In this week's Voice Film Club podcast, our critics discuss Captain Phillips and Machete Kills, both out on Friday, October 11. In Captain Phillips, directed by Paul Greengrass, Hanks is "just so noble" says The Village Voice's Stephanie Zacharek, while L.A. Weekly's Amy Nicholson wishes the Hanks of Joe Versus the Volcano would return. Finally, the Voice's Alan Scherstuhl dubs him "the reasonable dad of American culture." Nicholson and Zacharek give Captain Phillips a recommendation--if only for its final ten minutes.
"It was love at first sight" for Zacharek with Danny Trejo in Machete Kills. He just "stands there looking really cool and sturdy and brave and weathered," she says.
But she notes that the sequel to Machete may wear out viewers in a way the first one didn't. Trejo is "pure charm and scar tissue," says Scherstuhl, and Nicholson praises the action sequel's ridiculous, creative violence. Charlie Sheen plays the United States president, in a role that should be very enjoyable for viewers. Mel Gibson shows up in the film as well, winking and acknowledging his awful personal life.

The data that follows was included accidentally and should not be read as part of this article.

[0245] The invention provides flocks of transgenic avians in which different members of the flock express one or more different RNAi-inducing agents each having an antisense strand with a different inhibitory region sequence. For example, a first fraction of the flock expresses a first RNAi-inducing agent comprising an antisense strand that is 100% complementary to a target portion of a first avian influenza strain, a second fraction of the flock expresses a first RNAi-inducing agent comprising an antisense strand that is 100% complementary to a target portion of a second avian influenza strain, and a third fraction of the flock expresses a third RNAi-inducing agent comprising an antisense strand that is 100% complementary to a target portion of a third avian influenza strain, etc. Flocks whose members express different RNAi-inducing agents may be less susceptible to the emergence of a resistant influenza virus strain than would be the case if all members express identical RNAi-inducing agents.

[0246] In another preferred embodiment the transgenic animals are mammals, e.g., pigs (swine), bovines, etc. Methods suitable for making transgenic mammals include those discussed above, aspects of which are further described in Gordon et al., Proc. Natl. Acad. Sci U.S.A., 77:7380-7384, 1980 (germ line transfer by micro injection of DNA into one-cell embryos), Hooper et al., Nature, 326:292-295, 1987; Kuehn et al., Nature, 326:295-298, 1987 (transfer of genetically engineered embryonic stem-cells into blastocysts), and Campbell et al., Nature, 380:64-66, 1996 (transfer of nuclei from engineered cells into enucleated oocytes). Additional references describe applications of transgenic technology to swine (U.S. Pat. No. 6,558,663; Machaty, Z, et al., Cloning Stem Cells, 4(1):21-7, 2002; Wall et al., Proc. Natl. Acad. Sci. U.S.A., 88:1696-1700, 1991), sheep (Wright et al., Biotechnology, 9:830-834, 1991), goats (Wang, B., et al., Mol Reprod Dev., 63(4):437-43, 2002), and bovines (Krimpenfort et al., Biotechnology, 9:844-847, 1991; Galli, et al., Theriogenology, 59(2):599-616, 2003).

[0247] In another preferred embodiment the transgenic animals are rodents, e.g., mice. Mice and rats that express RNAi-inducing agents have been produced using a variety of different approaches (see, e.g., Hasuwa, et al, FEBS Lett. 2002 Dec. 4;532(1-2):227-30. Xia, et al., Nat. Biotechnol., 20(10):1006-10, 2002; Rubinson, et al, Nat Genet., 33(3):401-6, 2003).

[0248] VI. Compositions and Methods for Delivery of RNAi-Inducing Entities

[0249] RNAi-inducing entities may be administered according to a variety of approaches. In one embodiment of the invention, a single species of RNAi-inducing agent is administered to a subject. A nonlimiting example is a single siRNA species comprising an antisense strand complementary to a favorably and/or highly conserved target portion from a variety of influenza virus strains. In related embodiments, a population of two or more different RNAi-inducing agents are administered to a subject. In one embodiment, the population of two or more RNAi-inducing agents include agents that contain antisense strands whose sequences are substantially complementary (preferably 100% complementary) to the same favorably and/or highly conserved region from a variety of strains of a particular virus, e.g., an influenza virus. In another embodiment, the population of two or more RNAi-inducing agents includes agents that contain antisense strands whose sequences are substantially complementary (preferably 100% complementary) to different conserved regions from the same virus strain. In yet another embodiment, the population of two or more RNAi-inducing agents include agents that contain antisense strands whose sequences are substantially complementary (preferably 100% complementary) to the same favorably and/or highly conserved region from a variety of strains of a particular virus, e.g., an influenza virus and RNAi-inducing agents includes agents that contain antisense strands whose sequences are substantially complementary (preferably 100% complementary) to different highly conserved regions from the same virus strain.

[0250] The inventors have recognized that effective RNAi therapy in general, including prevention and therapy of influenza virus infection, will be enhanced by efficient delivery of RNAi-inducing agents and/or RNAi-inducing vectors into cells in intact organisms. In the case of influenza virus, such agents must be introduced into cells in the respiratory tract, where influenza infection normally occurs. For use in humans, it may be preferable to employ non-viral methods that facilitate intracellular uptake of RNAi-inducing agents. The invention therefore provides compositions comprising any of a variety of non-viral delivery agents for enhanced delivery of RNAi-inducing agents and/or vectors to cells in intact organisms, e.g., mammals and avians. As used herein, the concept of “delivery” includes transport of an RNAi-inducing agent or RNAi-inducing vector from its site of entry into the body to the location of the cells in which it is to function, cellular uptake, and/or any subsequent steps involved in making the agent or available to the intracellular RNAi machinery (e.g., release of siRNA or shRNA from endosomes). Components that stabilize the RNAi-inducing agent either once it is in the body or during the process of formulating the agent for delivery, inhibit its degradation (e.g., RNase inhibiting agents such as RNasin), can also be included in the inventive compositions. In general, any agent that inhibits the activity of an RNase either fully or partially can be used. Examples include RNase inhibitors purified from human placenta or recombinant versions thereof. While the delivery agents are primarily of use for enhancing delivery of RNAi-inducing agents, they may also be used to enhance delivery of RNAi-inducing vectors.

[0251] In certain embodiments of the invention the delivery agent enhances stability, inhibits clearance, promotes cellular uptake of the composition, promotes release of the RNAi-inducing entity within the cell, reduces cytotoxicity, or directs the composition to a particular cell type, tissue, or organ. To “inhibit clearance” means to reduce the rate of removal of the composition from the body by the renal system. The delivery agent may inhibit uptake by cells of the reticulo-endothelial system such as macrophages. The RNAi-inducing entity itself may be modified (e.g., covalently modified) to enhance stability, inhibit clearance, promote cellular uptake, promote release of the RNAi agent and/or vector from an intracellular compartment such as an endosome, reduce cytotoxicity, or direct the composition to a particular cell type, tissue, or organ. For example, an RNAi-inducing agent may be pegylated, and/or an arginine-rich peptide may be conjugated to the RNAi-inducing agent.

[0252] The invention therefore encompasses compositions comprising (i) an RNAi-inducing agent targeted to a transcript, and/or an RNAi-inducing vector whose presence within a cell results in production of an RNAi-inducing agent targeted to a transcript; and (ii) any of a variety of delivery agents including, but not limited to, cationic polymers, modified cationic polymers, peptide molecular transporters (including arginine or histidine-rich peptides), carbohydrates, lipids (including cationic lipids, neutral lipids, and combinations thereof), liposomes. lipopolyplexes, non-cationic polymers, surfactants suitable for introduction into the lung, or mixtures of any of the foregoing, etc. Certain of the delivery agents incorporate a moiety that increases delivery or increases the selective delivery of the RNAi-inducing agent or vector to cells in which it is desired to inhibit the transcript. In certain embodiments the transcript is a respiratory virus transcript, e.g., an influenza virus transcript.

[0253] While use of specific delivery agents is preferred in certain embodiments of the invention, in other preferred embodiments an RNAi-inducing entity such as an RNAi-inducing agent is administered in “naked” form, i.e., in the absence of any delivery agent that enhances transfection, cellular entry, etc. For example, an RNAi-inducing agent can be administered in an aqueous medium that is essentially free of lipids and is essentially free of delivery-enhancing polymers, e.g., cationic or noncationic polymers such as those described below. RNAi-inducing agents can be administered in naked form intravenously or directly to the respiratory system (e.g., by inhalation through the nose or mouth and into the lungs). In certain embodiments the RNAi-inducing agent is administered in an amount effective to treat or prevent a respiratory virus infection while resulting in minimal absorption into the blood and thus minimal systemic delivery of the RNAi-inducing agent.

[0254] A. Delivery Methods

Zacharek recommends the 1963 film The Haunting by Robert Wise. "It's maybe like one of the scariest movies ever made, and you really see almost nothing," says Zacharek. The film is out now October 15 Blu-Ray.
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Scherstuhl recommends God Loves Uganda, a documentary about Kansas City-based missionaries who travel to Uganda to teach the kids about Jesus, abstinence-only education and the evils of homosexuality. Not coincidentally, Uganda makes homosexuality punishable by death. It's an upsetting, beautiful film.
Nicholson recommends 2007's indie horror film The Signal, a three-part horror comedy directed by three different directors.
Listen to the Voice Film Club podcast here.